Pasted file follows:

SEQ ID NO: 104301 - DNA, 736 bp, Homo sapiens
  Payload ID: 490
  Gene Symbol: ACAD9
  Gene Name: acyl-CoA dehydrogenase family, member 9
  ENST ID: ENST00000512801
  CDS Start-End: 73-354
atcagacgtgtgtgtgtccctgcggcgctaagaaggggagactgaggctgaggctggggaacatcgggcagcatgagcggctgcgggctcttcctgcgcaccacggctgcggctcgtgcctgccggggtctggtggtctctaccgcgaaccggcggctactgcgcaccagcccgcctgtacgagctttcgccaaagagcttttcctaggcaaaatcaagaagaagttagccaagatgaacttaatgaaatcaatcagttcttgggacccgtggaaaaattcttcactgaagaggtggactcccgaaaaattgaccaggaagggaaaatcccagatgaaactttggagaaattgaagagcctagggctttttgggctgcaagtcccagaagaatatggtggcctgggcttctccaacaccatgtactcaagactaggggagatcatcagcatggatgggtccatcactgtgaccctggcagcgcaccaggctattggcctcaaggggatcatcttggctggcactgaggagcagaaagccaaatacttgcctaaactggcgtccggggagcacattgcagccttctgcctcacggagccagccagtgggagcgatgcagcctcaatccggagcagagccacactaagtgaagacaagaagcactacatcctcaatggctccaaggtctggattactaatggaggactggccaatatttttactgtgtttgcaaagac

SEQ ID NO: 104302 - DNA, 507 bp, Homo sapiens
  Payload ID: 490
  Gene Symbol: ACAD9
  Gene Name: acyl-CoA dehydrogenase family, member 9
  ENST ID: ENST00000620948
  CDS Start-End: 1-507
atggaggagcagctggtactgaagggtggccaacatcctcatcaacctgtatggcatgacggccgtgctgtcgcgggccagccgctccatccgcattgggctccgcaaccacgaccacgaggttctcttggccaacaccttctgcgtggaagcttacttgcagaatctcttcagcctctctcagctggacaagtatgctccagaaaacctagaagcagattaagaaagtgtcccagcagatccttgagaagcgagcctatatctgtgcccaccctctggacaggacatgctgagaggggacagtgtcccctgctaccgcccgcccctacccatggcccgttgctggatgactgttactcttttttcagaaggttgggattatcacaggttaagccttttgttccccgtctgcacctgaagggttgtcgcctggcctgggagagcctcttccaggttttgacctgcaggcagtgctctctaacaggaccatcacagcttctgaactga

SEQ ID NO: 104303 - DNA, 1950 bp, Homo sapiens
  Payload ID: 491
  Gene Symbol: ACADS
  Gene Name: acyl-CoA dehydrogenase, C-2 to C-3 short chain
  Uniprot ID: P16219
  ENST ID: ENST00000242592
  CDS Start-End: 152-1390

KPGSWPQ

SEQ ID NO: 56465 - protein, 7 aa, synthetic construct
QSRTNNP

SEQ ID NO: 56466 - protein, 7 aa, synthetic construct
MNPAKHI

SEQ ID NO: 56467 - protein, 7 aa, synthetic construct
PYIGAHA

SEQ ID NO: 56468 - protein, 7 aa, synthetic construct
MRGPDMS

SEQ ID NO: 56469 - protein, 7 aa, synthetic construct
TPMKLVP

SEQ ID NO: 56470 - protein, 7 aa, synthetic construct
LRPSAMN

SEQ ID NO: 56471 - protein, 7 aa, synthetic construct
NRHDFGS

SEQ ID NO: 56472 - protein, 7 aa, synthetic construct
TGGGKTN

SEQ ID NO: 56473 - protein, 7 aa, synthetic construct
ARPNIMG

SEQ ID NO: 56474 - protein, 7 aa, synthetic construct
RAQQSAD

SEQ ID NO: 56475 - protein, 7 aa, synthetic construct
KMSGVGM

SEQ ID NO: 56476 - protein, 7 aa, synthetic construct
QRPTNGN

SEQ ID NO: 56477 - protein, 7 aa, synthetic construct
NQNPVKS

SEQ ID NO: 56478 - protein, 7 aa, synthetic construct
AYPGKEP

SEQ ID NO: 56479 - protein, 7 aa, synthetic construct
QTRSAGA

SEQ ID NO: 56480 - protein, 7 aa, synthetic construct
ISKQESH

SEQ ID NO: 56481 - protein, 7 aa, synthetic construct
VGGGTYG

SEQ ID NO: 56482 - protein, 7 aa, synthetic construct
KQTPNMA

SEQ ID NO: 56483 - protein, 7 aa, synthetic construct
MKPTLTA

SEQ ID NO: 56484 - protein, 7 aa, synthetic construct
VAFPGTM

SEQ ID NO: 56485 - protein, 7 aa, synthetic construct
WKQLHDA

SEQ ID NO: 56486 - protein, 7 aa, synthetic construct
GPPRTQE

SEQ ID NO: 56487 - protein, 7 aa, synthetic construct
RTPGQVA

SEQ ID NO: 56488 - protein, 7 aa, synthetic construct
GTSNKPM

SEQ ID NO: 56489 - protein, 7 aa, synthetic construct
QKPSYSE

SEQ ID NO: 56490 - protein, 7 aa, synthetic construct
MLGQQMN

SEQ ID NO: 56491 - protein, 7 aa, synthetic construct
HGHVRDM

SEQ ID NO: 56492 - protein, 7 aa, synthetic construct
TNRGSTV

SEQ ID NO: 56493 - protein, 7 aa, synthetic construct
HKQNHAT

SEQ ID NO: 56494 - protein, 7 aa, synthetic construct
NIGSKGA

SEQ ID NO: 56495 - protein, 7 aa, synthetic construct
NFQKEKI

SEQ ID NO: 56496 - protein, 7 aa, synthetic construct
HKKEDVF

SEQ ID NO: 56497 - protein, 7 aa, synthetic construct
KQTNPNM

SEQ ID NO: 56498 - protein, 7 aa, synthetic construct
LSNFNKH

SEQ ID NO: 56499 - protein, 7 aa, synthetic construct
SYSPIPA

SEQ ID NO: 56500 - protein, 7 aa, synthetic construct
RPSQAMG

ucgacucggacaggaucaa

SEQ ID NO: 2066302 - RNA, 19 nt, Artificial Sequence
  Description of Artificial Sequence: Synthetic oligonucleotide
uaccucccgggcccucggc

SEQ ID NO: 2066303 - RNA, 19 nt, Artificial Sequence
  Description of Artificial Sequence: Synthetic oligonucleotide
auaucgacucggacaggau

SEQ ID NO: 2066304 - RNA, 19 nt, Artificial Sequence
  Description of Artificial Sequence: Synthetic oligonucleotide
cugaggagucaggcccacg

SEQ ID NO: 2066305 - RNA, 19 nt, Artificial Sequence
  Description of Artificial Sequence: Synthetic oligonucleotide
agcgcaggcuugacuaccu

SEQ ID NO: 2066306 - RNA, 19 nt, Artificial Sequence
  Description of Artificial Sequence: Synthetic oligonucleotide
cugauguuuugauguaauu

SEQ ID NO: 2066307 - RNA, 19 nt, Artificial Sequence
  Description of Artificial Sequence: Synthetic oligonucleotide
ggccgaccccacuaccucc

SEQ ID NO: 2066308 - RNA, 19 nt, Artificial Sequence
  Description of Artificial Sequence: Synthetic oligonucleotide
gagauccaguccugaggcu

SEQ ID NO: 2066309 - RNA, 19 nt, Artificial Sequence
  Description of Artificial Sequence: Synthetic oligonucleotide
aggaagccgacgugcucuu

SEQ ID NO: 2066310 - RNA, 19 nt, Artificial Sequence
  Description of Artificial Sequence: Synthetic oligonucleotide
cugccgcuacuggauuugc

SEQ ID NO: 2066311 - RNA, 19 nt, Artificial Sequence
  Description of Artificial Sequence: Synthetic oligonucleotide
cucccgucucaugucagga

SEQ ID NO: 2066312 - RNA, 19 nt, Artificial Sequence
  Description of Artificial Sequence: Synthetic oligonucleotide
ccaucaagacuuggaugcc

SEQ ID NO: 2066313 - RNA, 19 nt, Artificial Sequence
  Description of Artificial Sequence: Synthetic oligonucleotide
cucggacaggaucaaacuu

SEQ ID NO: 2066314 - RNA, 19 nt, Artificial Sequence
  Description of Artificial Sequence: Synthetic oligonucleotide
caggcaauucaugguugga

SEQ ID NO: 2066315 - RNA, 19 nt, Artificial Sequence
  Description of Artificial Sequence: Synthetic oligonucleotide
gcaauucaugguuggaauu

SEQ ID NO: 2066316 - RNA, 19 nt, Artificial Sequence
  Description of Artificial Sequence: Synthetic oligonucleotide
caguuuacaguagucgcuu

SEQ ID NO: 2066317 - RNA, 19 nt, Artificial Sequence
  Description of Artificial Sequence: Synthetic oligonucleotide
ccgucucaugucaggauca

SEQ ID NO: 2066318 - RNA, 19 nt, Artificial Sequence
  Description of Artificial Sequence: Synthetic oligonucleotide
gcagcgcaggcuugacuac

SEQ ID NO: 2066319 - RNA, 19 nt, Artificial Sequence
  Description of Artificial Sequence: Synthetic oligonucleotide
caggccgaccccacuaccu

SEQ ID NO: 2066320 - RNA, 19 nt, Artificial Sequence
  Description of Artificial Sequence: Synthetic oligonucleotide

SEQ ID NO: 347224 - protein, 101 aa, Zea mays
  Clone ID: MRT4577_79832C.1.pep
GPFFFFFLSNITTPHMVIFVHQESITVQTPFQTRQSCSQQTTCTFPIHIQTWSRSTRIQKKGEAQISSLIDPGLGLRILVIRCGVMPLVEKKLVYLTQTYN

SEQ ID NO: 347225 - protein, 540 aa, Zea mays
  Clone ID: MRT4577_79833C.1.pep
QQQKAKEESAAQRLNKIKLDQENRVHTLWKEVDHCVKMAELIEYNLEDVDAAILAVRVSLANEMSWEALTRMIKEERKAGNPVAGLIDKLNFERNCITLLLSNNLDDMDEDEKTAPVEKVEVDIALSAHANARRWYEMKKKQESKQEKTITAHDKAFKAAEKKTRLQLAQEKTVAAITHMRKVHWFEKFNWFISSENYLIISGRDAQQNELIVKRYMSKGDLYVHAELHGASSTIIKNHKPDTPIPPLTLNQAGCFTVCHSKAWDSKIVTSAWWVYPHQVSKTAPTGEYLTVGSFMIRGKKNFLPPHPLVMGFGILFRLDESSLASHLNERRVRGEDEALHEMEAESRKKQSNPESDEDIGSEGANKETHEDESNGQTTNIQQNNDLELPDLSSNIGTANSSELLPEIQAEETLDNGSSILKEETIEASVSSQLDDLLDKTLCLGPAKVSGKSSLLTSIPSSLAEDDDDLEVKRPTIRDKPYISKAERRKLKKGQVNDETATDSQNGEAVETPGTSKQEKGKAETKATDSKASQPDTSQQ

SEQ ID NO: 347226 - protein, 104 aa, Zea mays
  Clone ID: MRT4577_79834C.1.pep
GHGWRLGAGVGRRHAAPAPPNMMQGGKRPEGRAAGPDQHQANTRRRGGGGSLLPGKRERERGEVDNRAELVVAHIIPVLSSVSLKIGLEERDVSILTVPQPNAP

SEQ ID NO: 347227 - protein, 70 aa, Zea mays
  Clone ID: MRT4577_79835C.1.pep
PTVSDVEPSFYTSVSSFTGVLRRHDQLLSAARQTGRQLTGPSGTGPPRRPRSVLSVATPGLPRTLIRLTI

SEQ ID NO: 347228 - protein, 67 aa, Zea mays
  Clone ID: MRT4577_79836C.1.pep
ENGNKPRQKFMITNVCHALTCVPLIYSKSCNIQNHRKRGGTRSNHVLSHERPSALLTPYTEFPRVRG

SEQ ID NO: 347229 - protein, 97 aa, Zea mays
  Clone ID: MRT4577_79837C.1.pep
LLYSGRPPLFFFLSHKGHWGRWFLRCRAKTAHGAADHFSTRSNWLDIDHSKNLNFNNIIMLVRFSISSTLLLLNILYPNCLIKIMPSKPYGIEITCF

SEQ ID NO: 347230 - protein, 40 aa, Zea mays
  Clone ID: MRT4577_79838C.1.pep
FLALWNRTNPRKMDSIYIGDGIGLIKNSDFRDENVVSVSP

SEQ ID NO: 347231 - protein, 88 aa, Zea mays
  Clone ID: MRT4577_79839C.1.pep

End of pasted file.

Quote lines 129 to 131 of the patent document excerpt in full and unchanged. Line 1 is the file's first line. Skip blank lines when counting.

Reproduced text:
SEQ ID NO: 2066313 - RNA, 19 nt, Artificial Sequence
  Description of Artificial Sequence: Synthetic oligonucleotide
cucggacaggaucaaacuu